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Book Pick: The Bell Jar

The Bell Jar is the semi-autobiographical novel of Sylvia Plath whose main author is Esther Greenwood, a young, talented and driven writer who was granted a scholarship and an editorial stint in a ladies magazine one summer in NYC. To the outside world, Esther is proper, brilliant, put-together. But the summer in NYC was the start of her descent to madness. Esther feels detached, disinterested and unable to have the slightest enjoyment to things that any nineteen year old away in the big city would normally feel. And yet she wakes up each day, putting up with conversations she didn’t want to participate in, events she couldn’t care less to go to and friendships she was starting not to care about. After her stint in NYC she goes back to her home in a suburb of Boston to spend the rest of her summer and here she nurses her depression like a strong drink. The first thing to go was sleep, then her ability to write, her interest in reading and next her inability to hold a thought …”Everytime I tried to concentrate, my mind glided off, like a skater, into a large empty space, and pirouetted there, absently.” Through visits to her psychiatrist, shock therapy and a subsequent stay in an asylum, Esther struggles to get out of the bell jar that is constantly above her head, ready to descend and engulf her.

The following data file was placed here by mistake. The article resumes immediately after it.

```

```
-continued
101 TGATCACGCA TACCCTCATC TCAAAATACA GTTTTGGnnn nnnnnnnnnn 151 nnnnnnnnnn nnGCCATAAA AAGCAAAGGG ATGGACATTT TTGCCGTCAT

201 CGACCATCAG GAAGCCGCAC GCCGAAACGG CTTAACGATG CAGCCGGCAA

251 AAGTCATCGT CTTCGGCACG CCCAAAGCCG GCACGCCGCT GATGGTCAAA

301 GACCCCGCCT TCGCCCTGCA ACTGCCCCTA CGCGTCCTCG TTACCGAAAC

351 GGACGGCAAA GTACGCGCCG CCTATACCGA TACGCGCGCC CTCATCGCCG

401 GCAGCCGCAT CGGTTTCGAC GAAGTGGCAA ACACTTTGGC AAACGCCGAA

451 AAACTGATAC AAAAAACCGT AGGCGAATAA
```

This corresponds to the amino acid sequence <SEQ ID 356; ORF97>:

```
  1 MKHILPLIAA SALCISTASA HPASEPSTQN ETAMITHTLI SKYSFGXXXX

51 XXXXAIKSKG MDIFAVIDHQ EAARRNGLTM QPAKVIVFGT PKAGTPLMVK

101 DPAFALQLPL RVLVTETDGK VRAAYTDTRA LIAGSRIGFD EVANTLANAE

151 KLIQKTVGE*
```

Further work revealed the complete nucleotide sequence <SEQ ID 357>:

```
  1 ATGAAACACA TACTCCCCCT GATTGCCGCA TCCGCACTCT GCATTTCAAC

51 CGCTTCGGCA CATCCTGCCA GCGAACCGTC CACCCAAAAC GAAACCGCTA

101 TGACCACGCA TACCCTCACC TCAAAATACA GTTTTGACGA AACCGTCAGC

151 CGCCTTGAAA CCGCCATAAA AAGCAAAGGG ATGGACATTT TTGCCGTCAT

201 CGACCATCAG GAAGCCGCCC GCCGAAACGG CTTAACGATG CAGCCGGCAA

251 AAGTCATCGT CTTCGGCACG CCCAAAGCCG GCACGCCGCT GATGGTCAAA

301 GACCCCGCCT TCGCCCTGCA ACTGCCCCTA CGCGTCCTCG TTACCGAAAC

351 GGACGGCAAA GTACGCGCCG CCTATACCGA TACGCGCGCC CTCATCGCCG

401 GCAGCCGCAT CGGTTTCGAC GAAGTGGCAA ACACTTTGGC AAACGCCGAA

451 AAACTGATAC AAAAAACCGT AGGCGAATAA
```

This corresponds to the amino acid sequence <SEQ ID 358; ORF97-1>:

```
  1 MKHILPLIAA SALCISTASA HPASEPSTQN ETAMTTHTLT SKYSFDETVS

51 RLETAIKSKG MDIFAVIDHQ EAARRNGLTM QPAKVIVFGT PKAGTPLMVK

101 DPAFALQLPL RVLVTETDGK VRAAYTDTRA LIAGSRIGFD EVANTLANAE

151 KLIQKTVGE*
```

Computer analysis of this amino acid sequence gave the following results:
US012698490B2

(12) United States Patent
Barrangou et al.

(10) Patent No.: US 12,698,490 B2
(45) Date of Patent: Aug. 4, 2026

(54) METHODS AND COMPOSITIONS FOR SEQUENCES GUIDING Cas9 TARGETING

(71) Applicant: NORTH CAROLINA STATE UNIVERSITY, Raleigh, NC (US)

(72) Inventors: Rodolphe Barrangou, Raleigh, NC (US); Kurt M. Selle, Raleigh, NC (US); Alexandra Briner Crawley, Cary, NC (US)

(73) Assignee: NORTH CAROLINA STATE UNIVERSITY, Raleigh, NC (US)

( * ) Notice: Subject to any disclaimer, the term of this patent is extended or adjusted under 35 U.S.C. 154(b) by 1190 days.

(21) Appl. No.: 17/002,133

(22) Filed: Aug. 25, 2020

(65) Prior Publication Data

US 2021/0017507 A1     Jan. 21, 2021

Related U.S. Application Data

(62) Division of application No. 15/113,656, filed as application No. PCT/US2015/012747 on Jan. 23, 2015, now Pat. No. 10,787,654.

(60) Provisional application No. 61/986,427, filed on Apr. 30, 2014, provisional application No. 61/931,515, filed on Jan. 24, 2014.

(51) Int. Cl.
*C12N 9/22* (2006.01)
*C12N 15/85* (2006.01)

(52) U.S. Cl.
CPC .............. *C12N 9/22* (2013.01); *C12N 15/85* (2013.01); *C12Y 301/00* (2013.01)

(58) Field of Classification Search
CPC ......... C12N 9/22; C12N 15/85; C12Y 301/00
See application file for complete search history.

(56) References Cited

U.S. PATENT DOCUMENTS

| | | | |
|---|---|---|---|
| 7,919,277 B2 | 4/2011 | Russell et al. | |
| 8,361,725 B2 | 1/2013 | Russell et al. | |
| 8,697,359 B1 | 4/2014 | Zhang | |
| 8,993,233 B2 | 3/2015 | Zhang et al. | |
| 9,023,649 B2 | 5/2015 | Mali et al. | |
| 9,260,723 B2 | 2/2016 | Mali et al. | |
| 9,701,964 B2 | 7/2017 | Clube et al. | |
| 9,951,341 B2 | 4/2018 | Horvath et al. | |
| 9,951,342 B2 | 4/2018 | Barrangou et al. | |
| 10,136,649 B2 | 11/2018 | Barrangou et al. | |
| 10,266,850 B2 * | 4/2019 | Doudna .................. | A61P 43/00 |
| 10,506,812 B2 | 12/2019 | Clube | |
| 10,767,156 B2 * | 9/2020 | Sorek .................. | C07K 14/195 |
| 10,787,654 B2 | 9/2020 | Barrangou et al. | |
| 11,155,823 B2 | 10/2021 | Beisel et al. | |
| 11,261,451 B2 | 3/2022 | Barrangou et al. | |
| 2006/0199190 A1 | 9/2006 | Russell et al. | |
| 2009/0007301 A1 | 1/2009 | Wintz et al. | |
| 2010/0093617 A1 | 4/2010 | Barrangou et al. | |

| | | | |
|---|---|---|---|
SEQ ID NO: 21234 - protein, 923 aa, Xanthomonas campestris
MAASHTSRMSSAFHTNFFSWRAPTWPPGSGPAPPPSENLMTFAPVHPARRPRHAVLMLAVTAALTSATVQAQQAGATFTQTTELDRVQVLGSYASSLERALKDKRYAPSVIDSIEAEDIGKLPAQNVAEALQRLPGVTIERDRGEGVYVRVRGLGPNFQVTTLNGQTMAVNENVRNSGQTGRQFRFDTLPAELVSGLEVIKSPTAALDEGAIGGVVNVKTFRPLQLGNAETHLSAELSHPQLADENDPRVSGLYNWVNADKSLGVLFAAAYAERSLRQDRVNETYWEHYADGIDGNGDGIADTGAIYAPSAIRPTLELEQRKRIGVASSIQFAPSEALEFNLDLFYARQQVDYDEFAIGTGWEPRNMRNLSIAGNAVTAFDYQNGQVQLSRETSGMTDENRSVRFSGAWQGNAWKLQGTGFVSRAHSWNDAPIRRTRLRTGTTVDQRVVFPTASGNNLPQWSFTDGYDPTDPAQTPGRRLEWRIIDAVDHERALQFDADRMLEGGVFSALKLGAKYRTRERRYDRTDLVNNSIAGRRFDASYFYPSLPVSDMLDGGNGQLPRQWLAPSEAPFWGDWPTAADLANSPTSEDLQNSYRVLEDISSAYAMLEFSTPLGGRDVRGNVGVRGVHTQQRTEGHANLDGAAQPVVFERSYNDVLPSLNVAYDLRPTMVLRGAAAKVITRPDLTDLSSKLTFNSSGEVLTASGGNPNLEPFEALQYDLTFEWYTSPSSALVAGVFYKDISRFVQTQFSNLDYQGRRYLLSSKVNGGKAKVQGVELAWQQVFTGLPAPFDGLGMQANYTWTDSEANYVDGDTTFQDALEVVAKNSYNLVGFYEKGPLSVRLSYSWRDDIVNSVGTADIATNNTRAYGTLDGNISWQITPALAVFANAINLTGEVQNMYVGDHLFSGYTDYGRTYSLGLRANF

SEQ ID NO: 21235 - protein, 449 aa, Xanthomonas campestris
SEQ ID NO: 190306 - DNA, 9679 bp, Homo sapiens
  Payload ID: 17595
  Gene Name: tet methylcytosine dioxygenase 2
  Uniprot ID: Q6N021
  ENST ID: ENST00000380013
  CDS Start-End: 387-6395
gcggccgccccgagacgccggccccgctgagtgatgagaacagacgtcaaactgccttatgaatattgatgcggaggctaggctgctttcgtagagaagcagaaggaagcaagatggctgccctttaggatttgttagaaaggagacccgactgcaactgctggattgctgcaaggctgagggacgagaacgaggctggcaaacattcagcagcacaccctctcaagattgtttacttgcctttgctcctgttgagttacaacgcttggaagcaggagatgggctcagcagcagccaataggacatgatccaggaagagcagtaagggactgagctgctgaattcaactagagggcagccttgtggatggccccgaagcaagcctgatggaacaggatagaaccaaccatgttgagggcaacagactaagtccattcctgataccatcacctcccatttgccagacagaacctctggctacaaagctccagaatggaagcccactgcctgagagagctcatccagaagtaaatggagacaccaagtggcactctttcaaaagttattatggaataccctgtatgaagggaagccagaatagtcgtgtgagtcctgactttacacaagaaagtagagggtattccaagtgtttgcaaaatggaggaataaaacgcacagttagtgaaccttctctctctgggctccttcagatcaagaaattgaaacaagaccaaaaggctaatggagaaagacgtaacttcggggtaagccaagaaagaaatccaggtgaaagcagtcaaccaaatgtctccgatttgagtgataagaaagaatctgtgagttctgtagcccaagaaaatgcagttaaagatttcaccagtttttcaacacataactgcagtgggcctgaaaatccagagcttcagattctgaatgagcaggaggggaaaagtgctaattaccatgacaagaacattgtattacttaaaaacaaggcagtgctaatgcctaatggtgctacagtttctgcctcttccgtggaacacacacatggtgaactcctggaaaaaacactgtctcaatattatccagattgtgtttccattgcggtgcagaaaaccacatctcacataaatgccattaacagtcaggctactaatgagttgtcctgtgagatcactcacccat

The Bell Jar can be sad if you want to just dwell on Esther’s depression. But more than that, Esther is hopeful as she waits and tries to get better and to be her old self again and I think aside from the serious tones of the novel, this is what it is really about. At a time when it was taboo to talk about depression and other feminist ideals, I find Sylvia Plath very brave and ahead of her time with the way she describes Esther and her thought processes. You can feel her brilliance shine through. 5 stars!

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